A group of teachers must defend themselves from a gang of murderous kids when their school comes under siege after hours.
This is a fairly brief feature length film and it wastes absolutely no time in launching straight into the story, which is something I admire. Although plot development is undeniably important, I canâ€™t help but respect a movie which instantly grabs the viewer by the throat and punches them in the face (rather literally, in the case of F). F addresses some very contemporary issues in the UK at the moment, and it is for this reason that I must also mention another popular British horror film, Eden Lake, as I feel that they are exploring the same problem â€“ the â€˜middle classâ€™ fear of youth culture. In F, the antagonists are faceless, swift and silent as they attack and kill everyone in their path, but why is this important? They are wearing hoodies, and everybody knows that the hoodie is the symbol of youth criminality, the symbol of young people who are up to no good (even though the vast majority of teenagers wear hoodies and do not at all participate in anti-social behaviour!).
The story told in F begins with a teacher, Robert Anderson (played by David Schofield) ridiculing a pupil for receiving an F on his latest paper, only for the pupil to get angry and whack him in the face. Robert is badly affected by this event and when he returns to work, he is the shell of the man he once was. He is scared of his own pupils and has to go to work intoxicated just to make it through the day, and it doesnâ€™t help that he has separated from his wife (played by Juliet Aubrey) and daughter (Eliza Bennett). To add to his troubles, whilst staying late at school giving a detention, hooded thugs start attacking other people around the premises, one by one killing them off in a brutal fashion. Some die, some survive â€“ but who will be the lucky ones?
There are a lot of close ups and jerky handheld camera movements which highlight the chaotic and frantic tone of the whole situation. Whilst some people might criticise this as being an amateur move, I think that in some instances it can really work well at creating the right atmosphere â€“ just think of all of the â€˜found footageâ€™ films which seem to be all the rage at the moment! A green tinge is used throughout as some kind of â€˜mood lightingâ€™ I suppose, which at first I thought worked well, but I quickly tired of it. It is interesting to note that director Johannes Roberts also did a film called Forest of the Damned, which I had the misfortune to see, but I shanâ€™t hold that against him (after all, that was five years ago)!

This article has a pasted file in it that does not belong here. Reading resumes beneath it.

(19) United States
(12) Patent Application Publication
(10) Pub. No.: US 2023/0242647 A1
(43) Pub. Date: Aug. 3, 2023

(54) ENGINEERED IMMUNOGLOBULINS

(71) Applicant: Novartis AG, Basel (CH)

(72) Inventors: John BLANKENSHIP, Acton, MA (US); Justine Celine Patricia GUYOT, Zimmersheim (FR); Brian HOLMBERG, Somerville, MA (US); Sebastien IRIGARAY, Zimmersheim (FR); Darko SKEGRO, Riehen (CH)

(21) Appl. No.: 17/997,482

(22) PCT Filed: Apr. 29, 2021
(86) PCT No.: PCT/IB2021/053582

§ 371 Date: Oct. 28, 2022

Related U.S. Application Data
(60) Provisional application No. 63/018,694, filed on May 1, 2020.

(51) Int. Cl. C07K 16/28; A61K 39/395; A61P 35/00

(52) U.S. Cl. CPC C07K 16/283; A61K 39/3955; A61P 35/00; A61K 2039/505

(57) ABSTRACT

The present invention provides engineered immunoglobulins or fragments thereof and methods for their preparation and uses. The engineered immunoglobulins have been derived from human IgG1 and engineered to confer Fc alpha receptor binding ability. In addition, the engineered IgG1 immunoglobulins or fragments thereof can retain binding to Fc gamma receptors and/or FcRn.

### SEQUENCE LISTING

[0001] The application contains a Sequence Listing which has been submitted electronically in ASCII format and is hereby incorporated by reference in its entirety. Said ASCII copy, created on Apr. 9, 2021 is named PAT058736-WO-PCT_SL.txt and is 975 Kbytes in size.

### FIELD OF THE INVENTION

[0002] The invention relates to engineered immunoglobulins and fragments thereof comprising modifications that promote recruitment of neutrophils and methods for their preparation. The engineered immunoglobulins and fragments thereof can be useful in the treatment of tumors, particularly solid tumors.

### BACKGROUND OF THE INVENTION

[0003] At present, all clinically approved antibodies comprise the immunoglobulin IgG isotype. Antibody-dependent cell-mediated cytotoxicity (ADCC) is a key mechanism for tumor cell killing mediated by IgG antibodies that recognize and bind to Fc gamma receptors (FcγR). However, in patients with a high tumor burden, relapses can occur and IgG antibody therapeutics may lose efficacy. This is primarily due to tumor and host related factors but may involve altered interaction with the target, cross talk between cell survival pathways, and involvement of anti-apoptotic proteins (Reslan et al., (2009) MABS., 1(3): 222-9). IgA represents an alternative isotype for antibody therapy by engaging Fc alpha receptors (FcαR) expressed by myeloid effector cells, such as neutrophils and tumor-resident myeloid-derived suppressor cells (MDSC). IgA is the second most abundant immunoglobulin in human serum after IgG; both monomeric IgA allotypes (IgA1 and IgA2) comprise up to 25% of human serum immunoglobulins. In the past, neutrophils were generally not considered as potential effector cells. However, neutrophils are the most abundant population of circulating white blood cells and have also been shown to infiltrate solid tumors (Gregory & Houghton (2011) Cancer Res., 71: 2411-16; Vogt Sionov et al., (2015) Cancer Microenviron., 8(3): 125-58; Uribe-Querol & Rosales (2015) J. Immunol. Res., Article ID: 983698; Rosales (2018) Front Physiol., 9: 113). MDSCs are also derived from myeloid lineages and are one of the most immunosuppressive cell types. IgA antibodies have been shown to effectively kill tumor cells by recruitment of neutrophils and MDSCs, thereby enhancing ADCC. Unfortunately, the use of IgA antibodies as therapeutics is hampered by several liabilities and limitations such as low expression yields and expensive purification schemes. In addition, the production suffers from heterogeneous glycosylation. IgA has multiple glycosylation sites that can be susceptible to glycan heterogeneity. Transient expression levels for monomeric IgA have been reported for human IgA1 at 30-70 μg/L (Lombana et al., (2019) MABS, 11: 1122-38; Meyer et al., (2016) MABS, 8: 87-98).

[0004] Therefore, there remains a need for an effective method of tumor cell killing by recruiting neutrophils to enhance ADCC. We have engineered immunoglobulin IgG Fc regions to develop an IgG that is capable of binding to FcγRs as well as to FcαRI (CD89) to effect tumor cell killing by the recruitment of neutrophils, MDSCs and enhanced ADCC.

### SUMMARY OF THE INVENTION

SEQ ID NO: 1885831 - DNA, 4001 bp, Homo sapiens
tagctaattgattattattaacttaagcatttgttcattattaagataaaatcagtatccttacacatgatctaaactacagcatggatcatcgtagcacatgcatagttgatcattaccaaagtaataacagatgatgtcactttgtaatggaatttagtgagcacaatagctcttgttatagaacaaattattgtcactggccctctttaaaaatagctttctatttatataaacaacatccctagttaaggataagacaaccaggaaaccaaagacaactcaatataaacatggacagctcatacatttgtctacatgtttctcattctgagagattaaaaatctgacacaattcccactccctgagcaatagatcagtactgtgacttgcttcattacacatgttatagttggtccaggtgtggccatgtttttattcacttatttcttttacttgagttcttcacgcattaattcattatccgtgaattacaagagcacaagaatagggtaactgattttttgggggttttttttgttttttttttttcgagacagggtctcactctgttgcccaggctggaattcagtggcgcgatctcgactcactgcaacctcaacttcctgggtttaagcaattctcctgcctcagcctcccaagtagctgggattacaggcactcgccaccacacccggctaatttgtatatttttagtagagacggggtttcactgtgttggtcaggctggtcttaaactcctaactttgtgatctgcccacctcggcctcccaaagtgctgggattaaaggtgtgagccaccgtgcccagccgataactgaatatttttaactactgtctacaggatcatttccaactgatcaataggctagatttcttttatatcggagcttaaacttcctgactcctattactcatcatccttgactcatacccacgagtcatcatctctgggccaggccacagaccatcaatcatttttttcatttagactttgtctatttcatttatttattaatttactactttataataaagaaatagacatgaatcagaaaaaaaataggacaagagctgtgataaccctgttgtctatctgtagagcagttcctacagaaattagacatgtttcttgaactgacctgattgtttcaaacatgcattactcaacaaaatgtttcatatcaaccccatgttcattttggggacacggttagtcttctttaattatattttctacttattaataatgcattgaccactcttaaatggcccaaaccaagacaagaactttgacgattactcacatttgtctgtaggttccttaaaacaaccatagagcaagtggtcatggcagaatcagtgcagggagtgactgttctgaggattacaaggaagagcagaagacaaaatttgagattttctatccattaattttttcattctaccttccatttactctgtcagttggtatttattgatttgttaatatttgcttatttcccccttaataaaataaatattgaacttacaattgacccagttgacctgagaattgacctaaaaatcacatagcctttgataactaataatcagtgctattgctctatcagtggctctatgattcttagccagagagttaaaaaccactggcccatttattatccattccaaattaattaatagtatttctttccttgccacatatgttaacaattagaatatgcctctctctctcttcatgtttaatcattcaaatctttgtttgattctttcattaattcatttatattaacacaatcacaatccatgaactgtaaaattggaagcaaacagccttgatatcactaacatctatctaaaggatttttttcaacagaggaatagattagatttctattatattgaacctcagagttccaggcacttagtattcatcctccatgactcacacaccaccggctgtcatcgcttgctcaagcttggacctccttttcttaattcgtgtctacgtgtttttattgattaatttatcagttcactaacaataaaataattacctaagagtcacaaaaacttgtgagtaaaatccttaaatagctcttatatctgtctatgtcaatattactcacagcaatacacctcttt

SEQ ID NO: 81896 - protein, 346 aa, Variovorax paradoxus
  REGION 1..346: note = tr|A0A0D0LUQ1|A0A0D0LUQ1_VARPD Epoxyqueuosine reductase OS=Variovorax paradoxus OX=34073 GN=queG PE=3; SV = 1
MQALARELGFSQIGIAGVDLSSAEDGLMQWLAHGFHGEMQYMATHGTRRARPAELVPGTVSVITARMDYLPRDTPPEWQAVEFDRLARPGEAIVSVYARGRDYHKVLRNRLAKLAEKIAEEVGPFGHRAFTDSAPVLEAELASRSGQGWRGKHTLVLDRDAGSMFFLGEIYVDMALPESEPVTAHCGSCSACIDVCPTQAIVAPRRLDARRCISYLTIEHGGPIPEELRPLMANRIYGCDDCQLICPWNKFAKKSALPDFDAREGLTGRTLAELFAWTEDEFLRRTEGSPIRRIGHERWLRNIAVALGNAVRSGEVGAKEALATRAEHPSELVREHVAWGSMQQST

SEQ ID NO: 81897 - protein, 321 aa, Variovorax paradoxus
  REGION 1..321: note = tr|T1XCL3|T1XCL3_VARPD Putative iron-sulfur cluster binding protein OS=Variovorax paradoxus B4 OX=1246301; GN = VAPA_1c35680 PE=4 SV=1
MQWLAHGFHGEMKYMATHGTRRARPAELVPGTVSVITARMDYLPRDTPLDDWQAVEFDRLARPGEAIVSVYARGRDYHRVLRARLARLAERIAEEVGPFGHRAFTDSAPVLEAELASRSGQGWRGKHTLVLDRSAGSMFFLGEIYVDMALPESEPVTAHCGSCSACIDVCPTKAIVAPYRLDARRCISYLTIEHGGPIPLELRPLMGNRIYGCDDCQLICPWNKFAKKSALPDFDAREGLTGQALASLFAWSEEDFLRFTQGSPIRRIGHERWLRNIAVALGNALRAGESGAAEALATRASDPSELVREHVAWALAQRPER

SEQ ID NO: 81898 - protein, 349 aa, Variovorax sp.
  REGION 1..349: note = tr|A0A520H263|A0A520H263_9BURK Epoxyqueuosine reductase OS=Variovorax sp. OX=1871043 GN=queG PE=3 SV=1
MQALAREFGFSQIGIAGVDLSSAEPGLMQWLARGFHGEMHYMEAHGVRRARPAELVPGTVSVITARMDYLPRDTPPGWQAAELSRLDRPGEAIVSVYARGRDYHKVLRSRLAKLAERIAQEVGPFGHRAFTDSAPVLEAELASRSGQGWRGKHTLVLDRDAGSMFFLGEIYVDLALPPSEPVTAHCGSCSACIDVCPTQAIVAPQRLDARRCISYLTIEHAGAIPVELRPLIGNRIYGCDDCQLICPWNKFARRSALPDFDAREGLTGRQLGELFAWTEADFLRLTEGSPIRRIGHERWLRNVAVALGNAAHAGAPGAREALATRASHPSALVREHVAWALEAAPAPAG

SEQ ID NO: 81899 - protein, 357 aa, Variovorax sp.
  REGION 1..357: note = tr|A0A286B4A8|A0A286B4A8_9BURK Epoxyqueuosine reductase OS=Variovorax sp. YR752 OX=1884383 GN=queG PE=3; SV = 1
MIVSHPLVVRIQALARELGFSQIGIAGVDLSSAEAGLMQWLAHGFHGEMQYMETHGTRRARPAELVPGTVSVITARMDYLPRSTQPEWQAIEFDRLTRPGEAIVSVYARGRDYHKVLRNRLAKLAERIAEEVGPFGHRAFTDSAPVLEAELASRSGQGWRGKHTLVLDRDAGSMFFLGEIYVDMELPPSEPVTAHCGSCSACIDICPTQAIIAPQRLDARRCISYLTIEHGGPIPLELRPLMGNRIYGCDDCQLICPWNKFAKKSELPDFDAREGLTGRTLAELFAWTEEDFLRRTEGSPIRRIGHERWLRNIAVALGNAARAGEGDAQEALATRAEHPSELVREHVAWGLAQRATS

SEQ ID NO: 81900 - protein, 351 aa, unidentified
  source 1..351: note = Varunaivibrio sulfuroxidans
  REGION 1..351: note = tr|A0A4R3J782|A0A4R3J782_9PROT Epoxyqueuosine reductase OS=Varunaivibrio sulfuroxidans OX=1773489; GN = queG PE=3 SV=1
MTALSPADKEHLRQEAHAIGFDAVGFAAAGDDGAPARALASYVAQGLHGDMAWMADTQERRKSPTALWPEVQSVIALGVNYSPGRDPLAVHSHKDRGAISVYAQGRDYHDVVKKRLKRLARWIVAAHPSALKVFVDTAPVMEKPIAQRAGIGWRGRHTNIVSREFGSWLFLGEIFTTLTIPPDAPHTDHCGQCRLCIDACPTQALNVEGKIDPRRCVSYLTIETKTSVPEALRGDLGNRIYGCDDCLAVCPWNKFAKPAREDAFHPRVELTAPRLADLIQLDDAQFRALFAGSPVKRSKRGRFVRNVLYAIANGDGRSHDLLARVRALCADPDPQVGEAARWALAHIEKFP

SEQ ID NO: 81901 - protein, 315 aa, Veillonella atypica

My problem with F is mainly because it just failed to ever really get beyond the superficial nature of the issue. There were a few good scares, sure, and I initially thought that the film had promise but then it never progressed, and began to drag a little too much for my liking. The violent â€˜hoodiesâ€™ were portrayed in a way which (whether purposefully or not) made them seem supernatural and otherworldly in some way. This, for me, lost any of the realism that the film had and therefore the impact of it was severely negatively affected because of this. In that respect Eden Lake worked far better because it could quite easily have been a true story â€“ and indeed, similar events have happened like the film depicted. In addition to that, because the hoodies are so â€˜distantâ€™ and â€˜unknowableâ€™, the audience cannot form any sort of bond with them, and whilst this might have worked effectively at being terrifying, F did not manage this. We donâ€™t really know who these people (?) are, or their proper motivations (or why they can move like actual ninjas!). Itâ€™s a shame really.
Similarly, I did not find the main character all that likeable either. Heâ€™s an alcoholic, heâ€™s a rubbish teacher, heâ€™s a rubbish father and he slapped his teenage daughter round the face. And weâ€™re supposed to be rooting for this guy? I suppose, because there was no build up of his character before â€˜the accidentâ€™, the audience doesnâ€™t really have any idea what he was really like, and therefore our only experience of him is as a broken, hopeless, paranoid man â€“ not exactly someone we want to identify with!
Iâ€™m not entirely sure how I feel about the ending (or lack of) in F. On one hand, I do like films which are bold enough to steer clear of the conventional â€˜Hollywoodâ€™ ending, with everything wrapped up in a neat little bow. But on the other hand, it did appear a bit too abrupt and anti-climactic. I wonâ€™t give away exactly what happens here, but pretty much blink and youâ€™ll miss it! I donâ€™t really feel like anything was resolved and I was left feeling a tad unsatisfied at having waited (and also endured) for the entire duration of the film, only to discover that this was my reward â€“ nothing. Absolutely sod all.
Any die-hard horror fans out there will be disappointed to learn that none of the deaths are on screen, although this does not mean that there is no gore â€“ a couple of scenes feature some truly vile images! I actually find it curious that this even received an 18 certificate, because Iâ€™ve seen much more gruesome 15â€™s before. A horror film with no deaths? Whatever next?
Whilst I donâ€™t think I would be harsh enough to give F an â€˜Fâ€™, it probably only reaches â€˜Dâ€™ standard (and even thatâ€™s being generous!). I find it extremely unlikely that this film was based on real events (which is what the official website claims), although this would have made it so much more effective. There are many flaws with this film, but itâ€™s not totally unwatchable â€“ perhaps if thereâ€™s ever a rainy day to kill, stick it on in the background.